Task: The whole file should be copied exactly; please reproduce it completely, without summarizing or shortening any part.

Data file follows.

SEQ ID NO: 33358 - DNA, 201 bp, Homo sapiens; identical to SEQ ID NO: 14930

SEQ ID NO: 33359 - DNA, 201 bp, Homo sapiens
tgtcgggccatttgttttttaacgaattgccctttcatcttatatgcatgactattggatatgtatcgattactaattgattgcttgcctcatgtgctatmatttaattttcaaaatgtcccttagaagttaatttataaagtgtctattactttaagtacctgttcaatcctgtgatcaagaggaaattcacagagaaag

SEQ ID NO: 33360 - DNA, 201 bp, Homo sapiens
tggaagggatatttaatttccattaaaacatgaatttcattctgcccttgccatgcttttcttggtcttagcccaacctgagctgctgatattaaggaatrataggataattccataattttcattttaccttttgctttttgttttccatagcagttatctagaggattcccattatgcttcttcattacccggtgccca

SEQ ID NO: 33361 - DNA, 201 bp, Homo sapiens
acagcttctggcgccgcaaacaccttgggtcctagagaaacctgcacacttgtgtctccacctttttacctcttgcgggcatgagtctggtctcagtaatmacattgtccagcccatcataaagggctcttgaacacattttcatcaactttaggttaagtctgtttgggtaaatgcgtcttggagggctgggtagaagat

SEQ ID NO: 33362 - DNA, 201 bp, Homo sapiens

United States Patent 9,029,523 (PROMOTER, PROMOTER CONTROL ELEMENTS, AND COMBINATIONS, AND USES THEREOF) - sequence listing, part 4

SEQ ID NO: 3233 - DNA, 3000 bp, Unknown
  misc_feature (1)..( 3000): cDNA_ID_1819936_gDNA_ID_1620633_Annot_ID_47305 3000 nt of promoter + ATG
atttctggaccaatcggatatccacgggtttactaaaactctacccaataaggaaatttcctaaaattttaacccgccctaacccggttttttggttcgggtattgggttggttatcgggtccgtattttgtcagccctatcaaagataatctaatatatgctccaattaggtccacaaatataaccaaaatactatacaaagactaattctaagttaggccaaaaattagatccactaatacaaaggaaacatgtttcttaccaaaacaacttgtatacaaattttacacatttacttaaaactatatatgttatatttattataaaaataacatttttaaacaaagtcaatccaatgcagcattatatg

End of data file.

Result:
SEQ ID NO: 33358 - DNA, 201 bp, Homo sapiens; identical to SEQ ID NO: 14930

SEQ ID NO: 33359 - DNA, 201 bp, Homo sapiens
tgtcgggccatttgttttttaacgaattgccctttcatcttatatgcatgactattggatatgtatcgattactaattgattgcttgcctcatgtgctatmatttaattttcaaaatgtcccttagaagttaatttataaagtgtctattactttaagtacctgttcaatcctgtgatcaagaggaaattcacagagaaag

SEQ ID NO: 33360 - DNA, 201 bp, Homo sapiens
tggaagggatatttaatttccattaaaacatgaatttcattctgcccttgccatgcttttcttggtcttagcccaacctgagctgctgatattaaggaatrataggataattccataattttcattttaccttttgctttttgttttccatagcagttatctagaggattcccattatgcttcttcattacccggtgccca

SEQ ID NO: 33361 - DNA, 201 bp, Homo sapiens
acagcttctggcgccgcaaacaccttgggtcctagagaaacctgcacacttgtgtctccacctttttacctcttgcgggcatgagtctggtctcagtaatmacattgtccagcccatcataaagggctcttgaacacattttcatcaactttaggttaagtctgtttgggtaaatgcgtcttggagggctgggtagaagat

SEQ ID NO: 33362 - DNA, 201 bp, Homo sapiens

United States Patent 9,029,523 (PROMOTER, PROMOTER CONTROL ELEMENTS, AND COMBINATIONS, AND USES THEREOF) - sequence listing, part 4

SEQ ID NO: 3233 - DNA, 3000 bp, Unknown
  misc_feature (1)..( 3000): cDNA_ID_1819936_gDNA_ID_1620633_Annot_ID_47305 3000 nt of promoter + ATG
atttctggaccaatcggatatccacgggtttactaaaactctacccaataaggaaatttcctaaaattttaacccgccctaacccggttttttggttcgggtattgggttggttatcgggtccgtattttgtcagccctatcaaagataatctaatatatgctccaattaggtccacaaatataaccaaaatactatacaaagactaattctaagttaggccaaaaattagatccactaatacaaaggaaacatgtttcttaccaaaacaacttgtatacaaattttacacatttacttaaaactatatatgttatatttattataaaaataacatttttaaacaaagtcaatccaatgcagcattatatg